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Galaxy-sized peanuts? Astronomers use new imaging software to detect double ‘peanut shell’ galaxy

Last Updated on Thursday, 05 May 2016 15:56
Published on Friday, 06 May 2016 00:01

Astronomers at Swinburne University of Technology, Melbourne, have discovered an unusually shaped structure in two nearby disc galaxies. The Swinburne team recently developed new imaging software, making it possible to observe the double “peanut shell shape” formed by the distribution of stars bulging from the centres of these galaxies. The results are published in a new paper in Monthly Notices of the Royal Astronomical Society.

contour-image thumbThe large (peanut shell)-shaped bulge at the centre of the disc galaxy NGC 128. Credit: Sloan Digital Sky Survey / Aladin Sky Atlas / A.Graham, B.Ciambur (Swinburne University of Technology)

 

Using data from the Hubble Space Telescope and the Sloan Digital Sky Survey, the researchers realised that two of the galaxies they were studying – NGC 128 and NGC 2549 – were quite exceptional. They are roughly 200 and 60 million light years away respectively, in the constellations of Pisces and Lynx, and they displayed a peanut shell configuration at two separate layers within the galaxies’ three-dimensional distribution of stars.

 

“Ironically, these peanut-shaped structures are far from peanut-sized,” says Swinburne’s Professor Alister Graham, co-author of the research. “They consist of billions of stars typically spanning up to a quarter of the length of the galaxies.”

 

Although the ‘bulges’ of both galaxies were already known to display a single peanut shell pattern, astronomers had never before observed the fainter second structure in any galaxy.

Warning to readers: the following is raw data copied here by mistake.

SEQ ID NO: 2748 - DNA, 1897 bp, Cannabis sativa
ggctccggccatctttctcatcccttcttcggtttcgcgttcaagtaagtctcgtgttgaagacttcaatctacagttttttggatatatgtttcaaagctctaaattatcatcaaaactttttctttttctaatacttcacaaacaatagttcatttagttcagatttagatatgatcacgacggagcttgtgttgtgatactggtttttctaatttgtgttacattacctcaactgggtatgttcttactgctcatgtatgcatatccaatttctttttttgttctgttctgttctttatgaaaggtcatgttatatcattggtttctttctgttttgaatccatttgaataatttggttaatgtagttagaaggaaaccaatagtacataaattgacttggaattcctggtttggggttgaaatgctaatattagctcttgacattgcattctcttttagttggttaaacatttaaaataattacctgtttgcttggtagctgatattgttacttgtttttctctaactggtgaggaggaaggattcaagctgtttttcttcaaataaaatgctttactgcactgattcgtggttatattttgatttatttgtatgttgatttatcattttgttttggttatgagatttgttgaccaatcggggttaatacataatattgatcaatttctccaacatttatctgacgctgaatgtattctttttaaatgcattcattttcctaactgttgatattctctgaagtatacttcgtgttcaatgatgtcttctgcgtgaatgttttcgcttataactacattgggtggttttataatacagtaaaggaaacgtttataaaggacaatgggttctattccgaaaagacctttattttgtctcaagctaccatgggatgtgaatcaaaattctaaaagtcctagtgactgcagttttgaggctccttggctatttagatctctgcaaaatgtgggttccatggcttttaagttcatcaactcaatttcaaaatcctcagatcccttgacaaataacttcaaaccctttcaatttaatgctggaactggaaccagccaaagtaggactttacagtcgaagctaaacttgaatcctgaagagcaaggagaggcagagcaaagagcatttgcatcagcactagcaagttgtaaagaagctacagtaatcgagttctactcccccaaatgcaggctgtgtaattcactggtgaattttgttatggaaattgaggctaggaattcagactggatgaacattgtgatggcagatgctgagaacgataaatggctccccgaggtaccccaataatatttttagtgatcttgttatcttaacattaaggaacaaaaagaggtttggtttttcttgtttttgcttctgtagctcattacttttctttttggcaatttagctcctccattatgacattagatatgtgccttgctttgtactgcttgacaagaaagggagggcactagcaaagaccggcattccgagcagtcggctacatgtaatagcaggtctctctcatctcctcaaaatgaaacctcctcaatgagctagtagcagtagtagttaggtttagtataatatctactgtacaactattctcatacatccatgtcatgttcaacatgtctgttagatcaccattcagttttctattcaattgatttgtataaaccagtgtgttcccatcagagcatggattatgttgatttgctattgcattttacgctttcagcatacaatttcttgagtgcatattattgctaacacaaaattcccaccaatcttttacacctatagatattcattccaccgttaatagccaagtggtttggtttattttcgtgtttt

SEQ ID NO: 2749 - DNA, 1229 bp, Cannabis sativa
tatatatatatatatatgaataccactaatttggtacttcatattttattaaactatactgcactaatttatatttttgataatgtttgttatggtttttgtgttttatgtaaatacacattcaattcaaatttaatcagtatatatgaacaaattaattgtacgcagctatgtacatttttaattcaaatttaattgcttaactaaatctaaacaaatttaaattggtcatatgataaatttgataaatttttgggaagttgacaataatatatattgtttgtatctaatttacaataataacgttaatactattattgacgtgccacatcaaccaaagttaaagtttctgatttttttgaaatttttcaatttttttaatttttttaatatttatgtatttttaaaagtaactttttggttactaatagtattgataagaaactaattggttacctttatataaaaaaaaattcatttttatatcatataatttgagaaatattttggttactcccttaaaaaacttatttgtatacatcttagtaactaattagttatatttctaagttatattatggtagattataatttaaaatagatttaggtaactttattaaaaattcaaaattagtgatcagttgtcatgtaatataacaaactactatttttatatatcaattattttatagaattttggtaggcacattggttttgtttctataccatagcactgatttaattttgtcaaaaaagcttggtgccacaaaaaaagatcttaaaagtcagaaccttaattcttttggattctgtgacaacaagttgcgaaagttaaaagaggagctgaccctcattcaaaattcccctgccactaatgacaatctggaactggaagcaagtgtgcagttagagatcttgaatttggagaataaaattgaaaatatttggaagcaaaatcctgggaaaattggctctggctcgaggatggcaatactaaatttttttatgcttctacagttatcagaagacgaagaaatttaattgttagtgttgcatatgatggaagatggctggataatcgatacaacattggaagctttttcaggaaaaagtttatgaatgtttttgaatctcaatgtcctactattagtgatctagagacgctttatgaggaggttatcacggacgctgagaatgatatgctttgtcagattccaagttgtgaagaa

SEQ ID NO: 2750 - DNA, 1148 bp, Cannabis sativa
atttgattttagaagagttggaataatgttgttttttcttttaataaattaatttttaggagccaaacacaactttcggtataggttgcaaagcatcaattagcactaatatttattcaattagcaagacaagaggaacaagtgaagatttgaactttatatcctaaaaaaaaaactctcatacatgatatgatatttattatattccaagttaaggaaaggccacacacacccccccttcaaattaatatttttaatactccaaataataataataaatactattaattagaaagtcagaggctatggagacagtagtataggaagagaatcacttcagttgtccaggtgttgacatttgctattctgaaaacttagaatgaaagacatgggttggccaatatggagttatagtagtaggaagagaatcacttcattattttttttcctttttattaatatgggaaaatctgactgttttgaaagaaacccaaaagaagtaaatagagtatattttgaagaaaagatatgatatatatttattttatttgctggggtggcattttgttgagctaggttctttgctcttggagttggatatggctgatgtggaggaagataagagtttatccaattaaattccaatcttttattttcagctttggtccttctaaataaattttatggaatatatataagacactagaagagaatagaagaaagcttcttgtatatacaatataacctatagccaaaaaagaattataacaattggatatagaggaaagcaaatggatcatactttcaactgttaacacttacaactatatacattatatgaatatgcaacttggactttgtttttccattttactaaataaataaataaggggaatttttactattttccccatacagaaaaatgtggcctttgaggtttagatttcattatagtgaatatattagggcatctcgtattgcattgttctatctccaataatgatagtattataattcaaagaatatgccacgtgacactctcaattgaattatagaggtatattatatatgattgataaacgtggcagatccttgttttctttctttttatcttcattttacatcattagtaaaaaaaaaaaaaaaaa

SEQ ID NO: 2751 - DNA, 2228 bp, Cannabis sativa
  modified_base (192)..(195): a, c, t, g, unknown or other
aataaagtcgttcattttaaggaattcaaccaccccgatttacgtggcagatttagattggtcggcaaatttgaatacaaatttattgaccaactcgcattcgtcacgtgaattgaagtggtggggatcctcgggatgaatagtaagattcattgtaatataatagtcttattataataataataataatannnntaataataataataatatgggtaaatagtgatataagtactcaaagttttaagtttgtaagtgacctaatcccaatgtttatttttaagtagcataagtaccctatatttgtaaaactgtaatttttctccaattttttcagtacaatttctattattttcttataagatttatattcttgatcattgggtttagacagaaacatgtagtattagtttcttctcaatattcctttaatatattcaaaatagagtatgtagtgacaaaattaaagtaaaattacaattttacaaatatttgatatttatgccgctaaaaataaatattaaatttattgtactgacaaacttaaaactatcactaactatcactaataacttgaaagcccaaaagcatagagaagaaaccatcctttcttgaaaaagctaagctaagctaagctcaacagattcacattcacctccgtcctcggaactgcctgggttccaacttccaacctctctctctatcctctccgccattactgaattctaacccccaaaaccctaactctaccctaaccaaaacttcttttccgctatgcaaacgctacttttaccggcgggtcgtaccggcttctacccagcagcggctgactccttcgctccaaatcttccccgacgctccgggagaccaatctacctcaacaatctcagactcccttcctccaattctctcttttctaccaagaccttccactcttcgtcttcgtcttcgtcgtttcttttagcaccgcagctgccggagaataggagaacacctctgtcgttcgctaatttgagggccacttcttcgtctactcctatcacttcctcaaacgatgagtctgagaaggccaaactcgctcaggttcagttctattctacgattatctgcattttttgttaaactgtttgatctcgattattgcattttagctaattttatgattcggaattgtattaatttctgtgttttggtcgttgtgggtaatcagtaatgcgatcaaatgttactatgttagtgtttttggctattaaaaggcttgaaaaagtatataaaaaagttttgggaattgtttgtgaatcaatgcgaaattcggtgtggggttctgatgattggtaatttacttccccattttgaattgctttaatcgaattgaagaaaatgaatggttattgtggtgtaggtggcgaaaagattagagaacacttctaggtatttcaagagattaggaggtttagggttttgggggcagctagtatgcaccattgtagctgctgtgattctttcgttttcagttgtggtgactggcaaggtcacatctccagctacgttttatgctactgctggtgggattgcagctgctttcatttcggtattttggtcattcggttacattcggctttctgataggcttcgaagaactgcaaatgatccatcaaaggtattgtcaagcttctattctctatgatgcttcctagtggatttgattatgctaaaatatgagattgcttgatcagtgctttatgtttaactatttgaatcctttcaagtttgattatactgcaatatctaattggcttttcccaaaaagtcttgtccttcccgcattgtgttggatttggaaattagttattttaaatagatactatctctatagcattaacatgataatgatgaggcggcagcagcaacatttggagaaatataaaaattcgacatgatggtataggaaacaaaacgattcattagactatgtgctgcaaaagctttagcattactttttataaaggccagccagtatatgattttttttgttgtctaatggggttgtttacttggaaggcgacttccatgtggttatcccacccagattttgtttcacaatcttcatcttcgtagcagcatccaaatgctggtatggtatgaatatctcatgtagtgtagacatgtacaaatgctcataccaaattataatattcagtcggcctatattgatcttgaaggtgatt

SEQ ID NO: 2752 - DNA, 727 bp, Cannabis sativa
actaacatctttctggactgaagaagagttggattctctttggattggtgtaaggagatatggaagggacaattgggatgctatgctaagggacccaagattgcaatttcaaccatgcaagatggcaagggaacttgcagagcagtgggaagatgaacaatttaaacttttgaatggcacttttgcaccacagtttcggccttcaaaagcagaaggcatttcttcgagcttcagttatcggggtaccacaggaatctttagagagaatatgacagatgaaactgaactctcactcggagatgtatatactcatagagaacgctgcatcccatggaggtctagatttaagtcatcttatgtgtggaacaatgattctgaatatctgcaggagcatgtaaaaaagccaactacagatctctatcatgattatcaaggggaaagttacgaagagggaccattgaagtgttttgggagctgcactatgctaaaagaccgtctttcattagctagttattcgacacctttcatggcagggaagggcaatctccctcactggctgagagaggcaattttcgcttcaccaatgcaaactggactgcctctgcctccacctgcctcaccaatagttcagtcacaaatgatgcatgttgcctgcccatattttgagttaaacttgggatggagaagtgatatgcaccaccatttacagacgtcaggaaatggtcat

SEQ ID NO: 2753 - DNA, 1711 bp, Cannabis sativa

galaxy-model thumbA model of the galaxy NGC 128, based on a Hubble Space Telescope image. Credit: B. Ciambur (Swinburne University of Technology)

“They resemble two peanut shells, with one neatly nested within the other; this is the first time such a phenomenon has been observed,” says Bogdan Ciambur, the PhD student who led the investigation.

 

“We expect the galaxies’ surprising anatomy will provide us with a unique view into their pasts. Deciphering their history can tell us about transformations that galaxies like our own Milky Way might experience.”

 

Astronomers believe that peanut shaped bulges are linked to the bar-shaped distribution of stars that is observed across the centres of many rotating galaxy discs. Each of the two galaxies observed contain two such bars, and it is thought that one way the peanut shaped structures may arise is when these bars of stars bend above and below the galaxy’s central disc.

 

“The instability mechanism may be similar to water running through a garden hose: when the water pressure is low, the hose remains still (stars stay on their usual orbits), but when the pressure is high the hose starts to bend (stellar orbits bend outside of the disc plane),” says Mr Ciambur.

 

“By directly comparing real galaxies with state-of-the-art simulations, we hope to better understand how galaxies evolve,” says Mr Ciambur. “The discovery is exciting because it will enable us to more fully test the growth of bars over time, including their lengths, rotation speeds, and periods of instability.

 

The study may also shed new light on the peanut-shaped bulge of our own Milky Way galaxy, which some astronomers suspect contains two stellar bars.